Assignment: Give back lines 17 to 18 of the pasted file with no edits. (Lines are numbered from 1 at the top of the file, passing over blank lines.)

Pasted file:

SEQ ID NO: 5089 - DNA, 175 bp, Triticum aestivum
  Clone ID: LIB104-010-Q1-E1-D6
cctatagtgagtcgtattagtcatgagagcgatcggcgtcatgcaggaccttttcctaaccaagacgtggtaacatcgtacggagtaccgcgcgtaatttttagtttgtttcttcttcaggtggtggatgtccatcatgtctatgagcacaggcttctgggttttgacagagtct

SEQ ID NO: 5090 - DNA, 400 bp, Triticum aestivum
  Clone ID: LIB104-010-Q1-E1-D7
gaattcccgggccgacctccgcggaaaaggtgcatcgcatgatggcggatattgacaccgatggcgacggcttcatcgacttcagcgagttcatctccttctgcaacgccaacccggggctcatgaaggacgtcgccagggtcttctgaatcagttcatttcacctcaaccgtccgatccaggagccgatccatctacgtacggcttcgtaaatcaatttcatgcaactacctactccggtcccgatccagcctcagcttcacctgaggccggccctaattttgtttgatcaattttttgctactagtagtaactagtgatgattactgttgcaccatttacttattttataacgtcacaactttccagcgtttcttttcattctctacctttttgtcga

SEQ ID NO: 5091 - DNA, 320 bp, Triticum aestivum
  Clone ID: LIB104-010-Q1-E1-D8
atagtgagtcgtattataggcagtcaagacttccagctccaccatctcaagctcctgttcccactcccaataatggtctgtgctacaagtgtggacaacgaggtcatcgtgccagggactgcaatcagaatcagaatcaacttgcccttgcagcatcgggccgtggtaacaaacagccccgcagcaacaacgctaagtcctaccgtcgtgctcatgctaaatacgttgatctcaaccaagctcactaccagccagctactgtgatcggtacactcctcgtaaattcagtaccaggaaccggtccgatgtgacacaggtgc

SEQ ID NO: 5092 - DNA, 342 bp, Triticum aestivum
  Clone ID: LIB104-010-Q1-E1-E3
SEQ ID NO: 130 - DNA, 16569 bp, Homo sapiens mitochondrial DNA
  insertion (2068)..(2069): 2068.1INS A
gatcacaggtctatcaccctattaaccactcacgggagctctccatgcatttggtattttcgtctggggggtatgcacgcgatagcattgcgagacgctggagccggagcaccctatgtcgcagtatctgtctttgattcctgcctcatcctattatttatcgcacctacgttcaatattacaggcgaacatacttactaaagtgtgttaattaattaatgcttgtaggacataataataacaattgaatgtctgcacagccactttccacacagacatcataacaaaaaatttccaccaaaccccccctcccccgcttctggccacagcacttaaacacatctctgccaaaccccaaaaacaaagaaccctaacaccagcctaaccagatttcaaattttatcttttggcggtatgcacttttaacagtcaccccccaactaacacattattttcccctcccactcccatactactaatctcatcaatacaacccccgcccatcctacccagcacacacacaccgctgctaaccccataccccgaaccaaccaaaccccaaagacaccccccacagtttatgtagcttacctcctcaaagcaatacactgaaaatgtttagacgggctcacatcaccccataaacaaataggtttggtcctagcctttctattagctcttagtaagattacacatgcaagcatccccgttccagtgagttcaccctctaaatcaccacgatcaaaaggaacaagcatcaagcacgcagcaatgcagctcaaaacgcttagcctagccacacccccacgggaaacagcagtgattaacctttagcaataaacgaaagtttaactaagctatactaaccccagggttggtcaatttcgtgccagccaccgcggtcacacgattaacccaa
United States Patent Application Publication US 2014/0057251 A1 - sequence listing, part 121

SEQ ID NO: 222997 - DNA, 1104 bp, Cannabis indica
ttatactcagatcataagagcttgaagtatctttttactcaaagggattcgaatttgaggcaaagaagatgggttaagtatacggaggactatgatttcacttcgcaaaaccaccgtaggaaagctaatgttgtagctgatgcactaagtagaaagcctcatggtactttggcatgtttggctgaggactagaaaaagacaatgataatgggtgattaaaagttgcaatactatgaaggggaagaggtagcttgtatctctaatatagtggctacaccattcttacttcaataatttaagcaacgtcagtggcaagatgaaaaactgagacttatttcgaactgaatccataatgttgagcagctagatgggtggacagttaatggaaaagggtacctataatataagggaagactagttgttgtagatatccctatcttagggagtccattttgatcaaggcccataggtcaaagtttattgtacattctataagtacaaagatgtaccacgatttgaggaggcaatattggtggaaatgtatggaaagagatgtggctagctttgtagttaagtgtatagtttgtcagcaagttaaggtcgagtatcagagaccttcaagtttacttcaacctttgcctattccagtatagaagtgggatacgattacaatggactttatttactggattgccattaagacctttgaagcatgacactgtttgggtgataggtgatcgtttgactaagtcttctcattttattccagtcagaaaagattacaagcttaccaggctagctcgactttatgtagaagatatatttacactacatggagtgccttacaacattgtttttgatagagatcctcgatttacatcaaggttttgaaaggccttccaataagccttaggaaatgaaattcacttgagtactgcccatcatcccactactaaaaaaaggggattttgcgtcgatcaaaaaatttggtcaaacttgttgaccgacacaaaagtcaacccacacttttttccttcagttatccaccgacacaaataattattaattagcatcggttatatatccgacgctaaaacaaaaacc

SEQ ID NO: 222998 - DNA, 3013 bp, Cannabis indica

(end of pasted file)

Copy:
ttatactcagatcataagagcttgaagtatctttttactcaaagggattcgaatttgaggcaaagaagatgggttaagtatacggaggactatgatttcacttcgcaaaaccaccgtaggaaagctaatgttgtagctgatgcactaagtagaaagcctcatggtactttggcatgtttggctgaggactagaaaaagacaatgataatgggtgattaaaagttgcaatactatgaaggggaagaggtagcttgtatctctaatatagtggctacaccattcttacttcaataatttaagcaacgtcagtggcaagatgaaaaactgagacttatttcgaactgaatccataatgttgagcagctagatgggtggacagttaatggaaaagggtacctataatataagggaagactagttgttgtagatatccctatcttagggagtccattttgatcaaggcccataggtcaaagtttattgtacattctataagtacaaagatgtaccacgatttgaggaggcaatattggtggaaatgtatggaaagagatgtggctagctttgtagttaagtgtatagtttgtcagcaagttaaggtcgagtatcagagaccttcaagtttacttcaacctttgcctattccagtatagaagtgggatacgattacaatggactttatttactggattgccattaagacctttgaagcatgacactgtttgggtgataggtgatcgtttgactaagtcttctcattttattccagtcagaaaagattacaagcttaccaggctagctcgactttatgtagaagatatatttacactacatggagtgccttacaacattgtttttgatagagatcctcgatttacatcaaggttttgaaaggccttccaataagccttaggaaatgaaattcacttgagtactgcccatcatcccactactaaaaaaaggggattttgcgtcgatcaaaaaatttggtcaaacttgttgaccgacacaaaagtcaacccacacttttttccttcagttatccaccgacacaaataattattaattagcatcggttatatatccgacgctaaaacaaaaacc

SEQ ID NO: 222998 - DNA, 3013 bp, Cannabis indica